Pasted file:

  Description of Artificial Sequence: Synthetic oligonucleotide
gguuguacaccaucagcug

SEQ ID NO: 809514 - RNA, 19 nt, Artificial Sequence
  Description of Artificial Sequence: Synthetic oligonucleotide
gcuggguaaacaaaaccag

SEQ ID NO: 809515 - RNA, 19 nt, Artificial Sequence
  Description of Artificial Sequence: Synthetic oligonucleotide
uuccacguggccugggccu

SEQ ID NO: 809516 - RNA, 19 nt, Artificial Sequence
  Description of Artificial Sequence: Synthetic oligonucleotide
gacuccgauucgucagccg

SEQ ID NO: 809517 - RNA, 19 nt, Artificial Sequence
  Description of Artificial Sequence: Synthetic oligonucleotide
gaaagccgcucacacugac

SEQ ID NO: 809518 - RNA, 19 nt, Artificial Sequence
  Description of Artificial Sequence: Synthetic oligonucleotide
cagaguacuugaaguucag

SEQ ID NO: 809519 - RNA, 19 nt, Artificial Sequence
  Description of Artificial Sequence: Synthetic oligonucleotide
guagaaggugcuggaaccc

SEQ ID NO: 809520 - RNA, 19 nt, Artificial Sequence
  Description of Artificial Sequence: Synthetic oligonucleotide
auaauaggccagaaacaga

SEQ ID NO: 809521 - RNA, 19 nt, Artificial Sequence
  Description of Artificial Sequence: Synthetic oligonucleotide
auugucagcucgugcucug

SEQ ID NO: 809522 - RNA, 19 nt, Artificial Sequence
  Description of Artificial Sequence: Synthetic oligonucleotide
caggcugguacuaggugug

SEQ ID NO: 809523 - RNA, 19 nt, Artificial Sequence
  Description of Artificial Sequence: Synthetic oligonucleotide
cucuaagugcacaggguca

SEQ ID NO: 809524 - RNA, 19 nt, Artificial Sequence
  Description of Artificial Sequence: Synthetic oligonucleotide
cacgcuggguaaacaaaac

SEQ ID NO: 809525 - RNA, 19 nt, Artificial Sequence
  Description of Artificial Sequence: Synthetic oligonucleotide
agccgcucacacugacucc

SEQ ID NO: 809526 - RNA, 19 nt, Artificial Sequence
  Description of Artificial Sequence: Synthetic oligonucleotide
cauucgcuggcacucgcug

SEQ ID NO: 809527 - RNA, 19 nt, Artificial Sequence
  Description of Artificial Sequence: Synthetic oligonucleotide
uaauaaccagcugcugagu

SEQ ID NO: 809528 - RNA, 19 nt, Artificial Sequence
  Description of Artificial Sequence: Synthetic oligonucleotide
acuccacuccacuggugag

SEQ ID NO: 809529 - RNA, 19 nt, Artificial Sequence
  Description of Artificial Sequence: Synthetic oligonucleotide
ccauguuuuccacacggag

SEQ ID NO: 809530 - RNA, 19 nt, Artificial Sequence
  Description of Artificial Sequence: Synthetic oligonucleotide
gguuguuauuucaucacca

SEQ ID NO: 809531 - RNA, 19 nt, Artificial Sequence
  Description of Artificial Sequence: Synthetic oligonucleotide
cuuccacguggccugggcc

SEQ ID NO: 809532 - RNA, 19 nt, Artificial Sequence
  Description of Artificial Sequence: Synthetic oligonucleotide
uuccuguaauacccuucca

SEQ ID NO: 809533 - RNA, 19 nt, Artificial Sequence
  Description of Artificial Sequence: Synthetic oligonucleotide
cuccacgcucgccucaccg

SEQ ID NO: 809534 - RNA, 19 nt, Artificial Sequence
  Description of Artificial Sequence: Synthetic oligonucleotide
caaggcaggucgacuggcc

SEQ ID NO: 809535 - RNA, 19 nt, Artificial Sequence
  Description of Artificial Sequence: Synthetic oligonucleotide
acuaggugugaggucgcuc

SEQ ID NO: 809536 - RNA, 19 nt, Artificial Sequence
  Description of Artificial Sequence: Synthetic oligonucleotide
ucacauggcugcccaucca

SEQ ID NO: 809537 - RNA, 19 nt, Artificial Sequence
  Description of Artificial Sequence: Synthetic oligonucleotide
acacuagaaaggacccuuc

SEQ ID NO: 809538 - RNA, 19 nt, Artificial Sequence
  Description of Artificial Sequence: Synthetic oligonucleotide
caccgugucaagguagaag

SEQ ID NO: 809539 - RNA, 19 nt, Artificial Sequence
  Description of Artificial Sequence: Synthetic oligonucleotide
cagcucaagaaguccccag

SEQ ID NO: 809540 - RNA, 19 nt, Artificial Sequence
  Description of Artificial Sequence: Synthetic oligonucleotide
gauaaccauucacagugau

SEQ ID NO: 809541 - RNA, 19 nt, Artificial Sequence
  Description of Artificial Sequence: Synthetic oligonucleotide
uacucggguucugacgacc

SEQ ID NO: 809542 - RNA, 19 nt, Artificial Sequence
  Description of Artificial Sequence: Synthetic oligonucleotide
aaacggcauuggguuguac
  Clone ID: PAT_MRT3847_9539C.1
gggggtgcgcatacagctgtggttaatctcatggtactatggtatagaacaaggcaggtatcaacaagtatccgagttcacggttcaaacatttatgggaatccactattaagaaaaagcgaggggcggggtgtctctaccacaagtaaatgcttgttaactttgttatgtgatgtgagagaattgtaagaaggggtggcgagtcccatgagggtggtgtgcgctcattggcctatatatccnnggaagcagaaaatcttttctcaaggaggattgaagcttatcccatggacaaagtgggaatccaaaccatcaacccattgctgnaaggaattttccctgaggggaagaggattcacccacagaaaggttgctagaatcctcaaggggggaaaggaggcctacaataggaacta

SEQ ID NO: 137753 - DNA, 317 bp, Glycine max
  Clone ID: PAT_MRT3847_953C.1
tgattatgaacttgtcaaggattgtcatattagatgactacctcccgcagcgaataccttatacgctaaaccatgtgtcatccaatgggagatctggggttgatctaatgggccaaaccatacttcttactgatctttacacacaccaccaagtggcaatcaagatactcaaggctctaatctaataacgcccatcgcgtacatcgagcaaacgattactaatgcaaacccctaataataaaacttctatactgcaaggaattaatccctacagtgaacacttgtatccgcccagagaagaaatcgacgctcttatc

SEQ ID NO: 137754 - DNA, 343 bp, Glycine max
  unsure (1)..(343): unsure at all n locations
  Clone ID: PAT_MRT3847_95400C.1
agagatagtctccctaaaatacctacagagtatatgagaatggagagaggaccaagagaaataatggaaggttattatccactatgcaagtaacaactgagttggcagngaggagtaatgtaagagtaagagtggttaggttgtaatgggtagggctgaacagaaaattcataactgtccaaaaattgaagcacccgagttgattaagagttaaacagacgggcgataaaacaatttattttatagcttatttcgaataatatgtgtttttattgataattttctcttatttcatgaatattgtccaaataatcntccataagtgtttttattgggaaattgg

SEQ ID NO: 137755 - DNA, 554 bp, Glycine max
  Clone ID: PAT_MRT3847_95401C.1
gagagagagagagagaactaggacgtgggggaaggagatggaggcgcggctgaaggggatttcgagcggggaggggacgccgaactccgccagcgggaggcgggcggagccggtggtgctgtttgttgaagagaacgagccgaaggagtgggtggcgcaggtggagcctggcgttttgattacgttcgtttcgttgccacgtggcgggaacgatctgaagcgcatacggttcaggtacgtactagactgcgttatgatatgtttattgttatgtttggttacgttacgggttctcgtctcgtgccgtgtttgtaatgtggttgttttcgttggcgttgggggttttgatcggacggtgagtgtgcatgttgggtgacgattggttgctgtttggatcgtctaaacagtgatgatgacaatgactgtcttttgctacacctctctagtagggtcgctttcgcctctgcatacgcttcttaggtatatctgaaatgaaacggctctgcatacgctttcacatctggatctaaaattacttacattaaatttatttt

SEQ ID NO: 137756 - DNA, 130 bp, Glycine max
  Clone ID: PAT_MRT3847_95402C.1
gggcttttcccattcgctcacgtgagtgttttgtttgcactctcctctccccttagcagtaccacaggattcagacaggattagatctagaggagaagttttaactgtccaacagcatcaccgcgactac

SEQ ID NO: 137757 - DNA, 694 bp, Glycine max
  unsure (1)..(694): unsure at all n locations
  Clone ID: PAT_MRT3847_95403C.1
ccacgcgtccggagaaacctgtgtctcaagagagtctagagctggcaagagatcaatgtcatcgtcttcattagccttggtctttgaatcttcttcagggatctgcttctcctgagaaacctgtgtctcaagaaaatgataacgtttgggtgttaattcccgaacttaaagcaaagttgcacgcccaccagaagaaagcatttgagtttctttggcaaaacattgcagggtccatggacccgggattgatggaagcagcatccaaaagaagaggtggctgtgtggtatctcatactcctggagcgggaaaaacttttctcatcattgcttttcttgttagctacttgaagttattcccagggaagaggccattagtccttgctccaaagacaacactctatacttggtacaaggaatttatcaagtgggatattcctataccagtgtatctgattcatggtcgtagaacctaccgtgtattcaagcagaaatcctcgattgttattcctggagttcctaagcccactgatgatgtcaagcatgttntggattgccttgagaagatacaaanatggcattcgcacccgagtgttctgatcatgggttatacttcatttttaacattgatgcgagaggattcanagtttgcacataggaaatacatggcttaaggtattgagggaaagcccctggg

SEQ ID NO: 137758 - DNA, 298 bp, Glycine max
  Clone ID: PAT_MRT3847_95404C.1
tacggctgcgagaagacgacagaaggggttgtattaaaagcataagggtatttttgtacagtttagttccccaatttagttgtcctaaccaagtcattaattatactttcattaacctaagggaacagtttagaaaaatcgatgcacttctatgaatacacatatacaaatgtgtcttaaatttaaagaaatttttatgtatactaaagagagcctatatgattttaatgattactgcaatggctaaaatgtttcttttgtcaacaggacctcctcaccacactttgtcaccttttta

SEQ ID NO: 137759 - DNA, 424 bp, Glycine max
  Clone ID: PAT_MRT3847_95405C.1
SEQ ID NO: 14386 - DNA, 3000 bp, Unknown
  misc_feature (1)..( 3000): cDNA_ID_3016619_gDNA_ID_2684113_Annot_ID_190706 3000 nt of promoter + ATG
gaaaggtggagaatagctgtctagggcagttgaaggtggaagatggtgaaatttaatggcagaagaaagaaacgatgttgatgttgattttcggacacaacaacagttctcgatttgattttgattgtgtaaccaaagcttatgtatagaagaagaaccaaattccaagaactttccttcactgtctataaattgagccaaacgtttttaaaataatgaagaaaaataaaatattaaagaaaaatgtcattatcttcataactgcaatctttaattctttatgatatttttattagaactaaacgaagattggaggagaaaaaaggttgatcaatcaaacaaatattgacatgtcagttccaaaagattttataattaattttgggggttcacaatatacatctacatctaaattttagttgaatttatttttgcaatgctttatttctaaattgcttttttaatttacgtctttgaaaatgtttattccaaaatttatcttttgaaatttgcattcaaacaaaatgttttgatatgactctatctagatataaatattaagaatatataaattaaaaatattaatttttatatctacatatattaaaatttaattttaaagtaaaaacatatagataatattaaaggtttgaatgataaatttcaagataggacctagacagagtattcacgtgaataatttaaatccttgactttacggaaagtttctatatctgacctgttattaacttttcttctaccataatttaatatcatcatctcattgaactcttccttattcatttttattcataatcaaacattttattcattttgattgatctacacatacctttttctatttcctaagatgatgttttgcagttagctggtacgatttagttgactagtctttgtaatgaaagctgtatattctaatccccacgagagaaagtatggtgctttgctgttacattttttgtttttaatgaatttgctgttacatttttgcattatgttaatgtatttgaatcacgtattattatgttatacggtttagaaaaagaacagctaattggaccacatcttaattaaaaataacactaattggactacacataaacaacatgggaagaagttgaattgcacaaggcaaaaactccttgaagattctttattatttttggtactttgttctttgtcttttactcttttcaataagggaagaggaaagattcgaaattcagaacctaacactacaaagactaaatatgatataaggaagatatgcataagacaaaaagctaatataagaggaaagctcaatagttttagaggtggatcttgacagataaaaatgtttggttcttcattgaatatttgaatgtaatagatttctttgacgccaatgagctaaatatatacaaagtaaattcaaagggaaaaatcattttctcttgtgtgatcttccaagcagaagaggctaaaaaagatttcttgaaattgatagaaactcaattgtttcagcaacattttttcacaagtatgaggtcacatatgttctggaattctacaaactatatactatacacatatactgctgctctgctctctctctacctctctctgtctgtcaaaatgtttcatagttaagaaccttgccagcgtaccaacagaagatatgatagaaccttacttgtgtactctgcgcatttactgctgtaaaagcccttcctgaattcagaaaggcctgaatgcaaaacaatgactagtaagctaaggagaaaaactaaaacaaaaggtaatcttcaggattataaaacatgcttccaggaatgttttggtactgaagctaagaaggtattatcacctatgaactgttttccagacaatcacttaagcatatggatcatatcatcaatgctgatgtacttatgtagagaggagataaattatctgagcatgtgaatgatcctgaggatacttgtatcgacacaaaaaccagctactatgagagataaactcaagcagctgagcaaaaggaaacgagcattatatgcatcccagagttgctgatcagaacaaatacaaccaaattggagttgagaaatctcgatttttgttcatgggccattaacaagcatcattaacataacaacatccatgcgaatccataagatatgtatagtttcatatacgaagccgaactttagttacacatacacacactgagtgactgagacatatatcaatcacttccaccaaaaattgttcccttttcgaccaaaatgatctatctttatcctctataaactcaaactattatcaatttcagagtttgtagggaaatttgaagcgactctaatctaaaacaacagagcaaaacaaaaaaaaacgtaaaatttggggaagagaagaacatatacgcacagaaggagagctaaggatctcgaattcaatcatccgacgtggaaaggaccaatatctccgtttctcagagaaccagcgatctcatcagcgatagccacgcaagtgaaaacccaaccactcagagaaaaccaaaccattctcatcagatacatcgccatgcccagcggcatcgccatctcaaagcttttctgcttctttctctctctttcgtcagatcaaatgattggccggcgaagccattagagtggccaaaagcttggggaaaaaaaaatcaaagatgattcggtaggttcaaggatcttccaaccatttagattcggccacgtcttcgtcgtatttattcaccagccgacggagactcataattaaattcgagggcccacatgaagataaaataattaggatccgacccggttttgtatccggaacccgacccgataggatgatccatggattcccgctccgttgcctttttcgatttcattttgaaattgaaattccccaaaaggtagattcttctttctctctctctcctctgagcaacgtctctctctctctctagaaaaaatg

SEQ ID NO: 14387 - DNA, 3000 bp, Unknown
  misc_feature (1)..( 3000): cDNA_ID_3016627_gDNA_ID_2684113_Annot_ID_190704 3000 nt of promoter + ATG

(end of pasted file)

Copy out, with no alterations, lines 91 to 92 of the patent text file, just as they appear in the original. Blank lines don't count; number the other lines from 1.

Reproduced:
gggggtgcgcatacagctgtggttaatctcatggtactatggtatagaacaaggcaggtatcaacaagtatccgagttcacggttcaaacatttatgggaatccactattaagaaaaagcgaggggcggggtgtctctaccacaagtaaatgcttgttaactttgttatgtgatgtgagagaattgtaagaaggggtggcgagtcccatgagggtggtgtgcgctcattggcctatatatccnnggaagcagaaaatcttttctcaaggaggattgaagcttatcccatggacaaagtgggaatccaaaccatcaacccattgctgnaaggaattttccctgaggggaagaggattcacccacagaaaggttgctagaatcctcaaggggggaaaggaggcctacaataggaacta

SEQ ID NO: 137753 - DNA, 317 bp, Glycine max